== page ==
The account of Luzena Stanley Wilson is one of the most vivid and charming of all the Gold Rush stories that have come down to us. She told her story to her daughter Correnah in 1881 while Correnah was recovering from an illness, and her daughter later published it. Read this opening and ask yourself if you would have picked up and left everything behind as quickly as the Wilsons did.
The gold excitement spread like wildfire, even out to our log cabin in the prairie, and as we had almost nothing to lose, and we might gain a fortune, we early caught the fever. My husband grew enthusiastic and wanted to start immediately, but I would not be left behind. I thought where he could go I could, and where I went I could take my two little toddling babies. Mother-like, my first thought was of my children. I little realized then the task I had undertaken. If I had, I think I should still be in my log cabin in Missouri. But when we talked it all over, it sounded like such a small task to go out to California, and once there fortune, of course, would come to us.
“It seemed like such a small task.” Just pack up for a summer trip across prairie, mountain and desert. It would be an adventure, and when they arrived “fortune, of course, would come to us.” That’s what all the ’49ers thought, and they couldn’t wait to get to El Dorado.
The Wilsons at the time had two children, Thomas, who was about three years old, and Jay, a baby under one year old. Can you imagine a 6-month long camping trip with two toddlers?
It was the work of but a few days to collect our forces for the march into the new country, and we never gave a thought to selling our section, but left it, with two years’ labor, for the next comer. Monday we were to be off. Saturday we looked over our belongings, and threw aside what was not absolutely necessary. Beds we must have, and something to eat. It was a strange but comprehensive load which we stowed away in our “prairie-schooner”, and some things which I thought necessities when we started became burdensome luxuries, and before many days I dropped by the road-side a good many unnecessary pots and kettles, for on bacon and flour one can ring but few changes, and it requires but few vessels to cook them.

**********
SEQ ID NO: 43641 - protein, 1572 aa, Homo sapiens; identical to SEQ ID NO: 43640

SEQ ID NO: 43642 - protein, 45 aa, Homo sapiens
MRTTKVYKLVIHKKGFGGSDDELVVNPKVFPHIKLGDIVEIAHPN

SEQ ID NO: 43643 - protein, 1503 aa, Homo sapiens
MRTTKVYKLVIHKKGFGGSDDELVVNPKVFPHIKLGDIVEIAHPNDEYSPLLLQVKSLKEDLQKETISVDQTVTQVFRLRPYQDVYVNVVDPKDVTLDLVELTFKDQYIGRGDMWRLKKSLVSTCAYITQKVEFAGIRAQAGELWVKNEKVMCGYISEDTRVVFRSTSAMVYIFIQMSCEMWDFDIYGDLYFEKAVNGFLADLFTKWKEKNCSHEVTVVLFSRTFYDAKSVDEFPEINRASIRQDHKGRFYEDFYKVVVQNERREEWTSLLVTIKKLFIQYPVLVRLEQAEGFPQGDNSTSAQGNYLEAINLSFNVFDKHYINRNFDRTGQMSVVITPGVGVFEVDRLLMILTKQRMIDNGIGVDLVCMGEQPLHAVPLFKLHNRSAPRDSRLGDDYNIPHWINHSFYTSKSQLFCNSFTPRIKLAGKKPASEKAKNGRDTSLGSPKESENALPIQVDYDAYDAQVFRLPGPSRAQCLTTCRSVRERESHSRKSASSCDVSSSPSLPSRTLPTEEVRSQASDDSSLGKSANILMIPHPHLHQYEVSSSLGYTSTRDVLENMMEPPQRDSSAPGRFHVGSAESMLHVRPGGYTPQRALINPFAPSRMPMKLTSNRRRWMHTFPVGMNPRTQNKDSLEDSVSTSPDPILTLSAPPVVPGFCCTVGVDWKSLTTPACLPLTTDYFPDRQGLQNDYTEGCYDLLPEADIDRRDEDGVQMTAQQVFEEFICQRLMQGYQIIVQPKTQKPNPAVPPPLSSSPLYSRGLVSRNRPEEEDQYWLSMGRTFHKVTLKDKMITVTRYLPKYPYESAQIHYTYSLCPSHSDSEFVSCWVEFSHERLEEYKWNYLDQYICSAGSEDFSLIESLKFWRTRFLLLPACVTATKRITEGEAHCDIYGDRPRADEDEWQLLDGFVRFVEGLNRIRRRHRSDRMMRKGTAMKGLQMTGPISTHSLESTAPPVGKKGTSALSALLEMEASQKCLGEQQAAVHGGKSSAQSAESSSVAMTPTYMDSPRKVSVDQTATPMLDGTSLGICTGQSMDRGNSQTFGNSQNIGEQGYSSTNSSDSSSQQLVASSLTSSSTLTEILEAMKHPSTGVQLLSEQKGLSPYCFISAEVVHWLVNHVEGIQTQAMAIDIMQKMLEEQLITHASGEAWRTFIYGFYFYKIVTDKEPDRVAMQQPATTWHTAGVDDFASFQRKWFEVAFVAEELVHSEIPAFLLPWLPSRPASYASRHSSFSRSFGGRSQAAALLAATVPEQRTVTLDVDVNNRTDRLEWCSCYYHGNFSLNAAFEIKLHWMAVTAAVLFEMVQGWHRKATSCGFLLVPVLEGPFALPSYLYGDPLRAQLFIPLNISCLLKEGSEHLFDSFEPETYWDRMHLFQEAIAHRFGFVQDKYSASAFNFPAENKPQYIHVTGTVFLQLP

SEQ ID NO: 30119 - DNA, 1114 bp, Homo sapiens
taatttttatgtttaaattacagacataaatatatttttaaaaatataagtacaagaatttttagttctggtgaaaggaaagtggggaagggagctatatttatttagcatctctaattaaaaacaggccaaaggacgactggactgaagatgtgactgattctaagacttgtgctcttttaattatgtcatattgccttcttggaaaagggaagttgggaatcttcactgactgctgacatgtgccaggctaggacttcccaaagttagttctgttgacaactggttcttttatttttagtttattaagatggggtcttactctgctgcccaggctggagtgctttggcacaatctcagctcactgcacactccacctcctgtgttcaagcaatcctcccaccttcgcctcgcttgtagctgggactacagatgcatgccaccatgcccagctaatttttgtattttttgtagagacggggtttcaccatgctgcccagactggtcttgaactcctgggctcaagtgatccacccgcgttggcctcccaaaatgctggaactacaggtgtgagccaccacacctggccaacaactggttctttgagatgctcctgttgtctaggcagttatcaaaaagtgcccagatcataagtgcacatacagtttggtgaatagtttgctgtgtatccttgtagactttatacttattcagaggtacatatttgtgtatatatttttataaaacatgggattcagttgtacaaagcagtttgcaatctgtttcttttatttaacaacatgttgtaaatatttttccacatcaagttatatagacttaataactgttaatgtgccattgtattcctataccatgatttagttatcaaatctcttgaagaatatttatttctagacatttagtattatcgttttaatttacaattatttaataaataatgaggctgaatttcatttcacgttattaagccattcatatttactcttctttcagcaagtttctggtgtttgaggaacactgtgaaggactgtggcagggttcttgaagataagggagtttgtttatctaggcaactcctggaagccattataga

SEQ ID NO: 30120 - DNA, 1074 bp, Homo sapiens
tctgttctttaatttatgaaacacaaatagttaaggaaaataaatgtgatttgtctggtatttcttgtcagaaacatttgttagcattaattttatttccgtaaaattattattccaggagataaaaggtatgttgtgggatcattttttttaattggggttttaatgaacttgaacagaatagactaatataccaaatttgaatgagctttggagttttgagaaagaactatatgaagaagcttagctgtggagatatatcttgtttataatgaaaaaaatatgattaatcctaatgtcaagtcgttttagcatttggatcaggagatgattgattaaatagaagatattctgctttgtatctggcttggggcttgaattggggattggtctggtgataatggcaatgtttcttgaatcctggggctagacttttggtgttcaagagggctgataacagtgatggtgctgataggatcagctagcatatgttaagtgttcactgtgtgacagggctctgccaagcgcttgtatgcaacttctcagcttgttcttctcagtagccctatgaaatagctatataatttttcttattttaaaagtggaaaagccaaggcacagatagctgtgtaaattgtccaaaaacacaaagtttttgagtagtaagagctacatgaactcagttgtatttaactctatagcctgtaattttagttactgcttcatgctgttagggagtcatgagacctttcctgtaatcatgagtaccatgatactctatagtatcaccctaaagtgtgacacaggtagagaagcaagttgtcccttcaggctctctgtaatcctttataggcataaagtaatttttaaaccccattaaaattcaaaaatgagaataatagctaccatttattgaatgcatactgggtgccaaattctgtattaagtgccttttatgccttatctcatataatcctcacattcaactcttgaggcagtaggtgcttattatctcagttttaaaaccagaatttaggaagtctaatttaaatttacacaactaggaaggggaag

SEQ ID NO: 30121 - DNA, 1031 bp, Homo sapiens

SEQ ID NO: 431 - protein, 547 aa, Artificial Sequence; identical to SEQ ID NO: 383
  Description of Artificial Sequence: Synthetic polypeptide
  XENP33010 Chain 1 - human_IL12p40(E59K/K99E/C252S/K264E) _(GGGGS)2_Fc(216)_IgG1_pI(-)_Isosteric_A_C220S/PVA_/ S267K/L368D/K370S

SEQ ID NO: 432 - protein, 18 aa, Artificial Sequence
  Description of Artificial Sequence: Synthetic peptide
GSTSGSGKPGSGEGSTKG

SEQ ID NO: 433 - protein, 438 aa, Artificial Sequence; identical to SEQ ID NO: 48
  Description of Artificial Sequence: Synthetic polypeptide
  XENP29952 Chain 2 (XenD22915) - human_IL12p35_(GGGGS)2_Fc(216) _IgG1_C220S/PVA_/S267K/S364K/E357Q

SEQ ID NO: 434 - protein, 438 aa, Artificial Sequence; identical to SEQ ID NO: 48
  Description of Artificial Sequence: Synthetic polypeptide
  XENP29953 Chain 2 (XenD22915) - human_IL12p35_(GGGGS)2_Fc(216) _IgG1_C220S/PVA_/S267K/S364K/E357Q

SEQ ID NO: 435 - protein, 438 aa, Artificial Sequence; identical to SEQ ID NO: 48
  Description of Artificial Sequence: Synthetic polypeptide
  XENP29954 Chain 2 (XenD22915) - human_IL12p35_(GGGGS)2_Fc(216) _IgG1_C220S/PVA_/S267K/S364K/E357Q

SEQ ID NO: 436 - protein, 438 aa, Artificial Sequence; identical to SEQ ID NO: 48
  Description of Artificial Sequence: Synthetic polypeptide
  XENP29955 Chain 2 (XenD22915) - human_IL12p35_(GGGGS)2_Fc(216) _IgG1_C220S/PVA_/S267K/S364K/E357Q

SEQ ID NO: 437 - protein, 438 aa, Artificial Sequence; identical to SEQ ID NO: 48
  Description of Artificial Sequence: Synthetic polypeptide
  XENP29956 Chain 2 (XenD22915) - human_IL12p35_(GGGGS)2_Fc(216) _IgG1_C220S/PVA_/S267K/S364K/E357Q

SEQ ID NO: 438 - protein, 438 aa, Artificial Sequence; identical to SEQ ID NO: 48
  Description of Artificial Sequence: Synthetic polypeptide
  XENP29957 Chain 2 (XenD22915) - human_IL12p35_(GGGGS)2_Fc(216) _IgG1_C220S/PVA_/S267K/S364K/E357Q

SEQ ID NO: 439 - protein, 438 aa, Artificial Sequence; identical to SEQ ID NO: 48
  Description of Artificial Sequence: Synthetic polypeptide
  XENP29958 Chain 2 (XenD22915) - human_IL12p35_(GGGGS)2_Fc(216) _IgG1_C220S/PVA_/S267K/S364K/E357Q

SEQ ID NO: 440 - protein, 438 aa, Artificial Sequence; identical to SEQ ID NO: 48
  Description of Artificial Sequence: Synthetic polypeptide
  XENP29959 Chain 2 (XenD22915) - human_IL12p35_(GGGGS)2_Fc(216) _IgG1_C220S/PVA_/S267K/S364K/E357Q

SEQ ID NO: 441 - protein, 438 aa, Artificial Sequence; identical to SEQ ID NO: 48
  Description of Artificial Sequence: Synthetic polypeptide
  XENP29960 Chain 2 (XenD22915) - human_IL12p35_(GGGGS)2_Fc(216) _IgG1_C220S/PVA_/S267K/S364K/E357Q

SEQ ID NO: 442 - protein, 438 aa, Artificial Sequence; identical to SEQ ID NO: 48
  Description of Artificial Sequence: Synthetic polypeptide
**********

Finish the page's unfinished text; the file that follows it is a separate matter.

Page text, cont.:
Bread and bacon, bacon and bread, some beans, and coffee — those were the staples of the overland trek. Simple and monotonous.
One luxury we had which other emigrants nearly always lacked—fresh milk. From our gentle “mulley” cow I never parted. She followed our train across the desert, shared our food and water, and our fortunes, good or ill, and lived in California to a serene old age, in a paradise of green clover and golden stubble-fields, full to the last of good works.
A great story Nancy. I truly do not know how they made the trek as a woman, mother, and wife across the country. They were definitely strong woman who wore lots of cumbersome clothes, couldn’t vote, and were expected to be a homemaker extrodinaire. Thank you….
Thank you for the most excellent article. I recently came across your blogs while researching my family connection to John Bidwell. I am slowly working my way through all your posts and I must commend you for all your hard work and research.
My 2nd great grand parents (Isaac and Emily) would have been contemporaries of Mrs. Wilson. He from Missouri and she from Illionis, as they first met during the spring of 1849 while on the trail to California.
Emily’s family was travelling west to be reunited with her older brother and uncle that had emigrated in early 1846 after reading John Bidwell’s glowing accounts of the opportunities in California.
Isaac was a poor farm boy, hired to drive one of the family wagons and help keep the wagons in good repair.
Their ultimate destination was Santa Cruz (where they were married in 1851) as her Uncle Charles had acquired the old Mission’s potrero lands for the family.
Emily’s grandson (my grandfather) was baptized with the middle name Bidwell, his mother’s maiden name. Her branch of the Bidwell family emigrated from Illinois to Lassen County California in the late 1860’s. It turns out the General and I are 3rd cousins (5 times removed). John Bidwell’s 2nd greatgrand parents, John and Sarah (nee Welles) Bidwell of Hartford Connecticut, are my 7th greatgrand parents.
Keep up the good work and thank you for all the insight into my most famous cousin.
Thanks for your comments! You really know your genealogy. The stories of pioneers and emigrants are always fascinating. Thanks for sharing yours with me.
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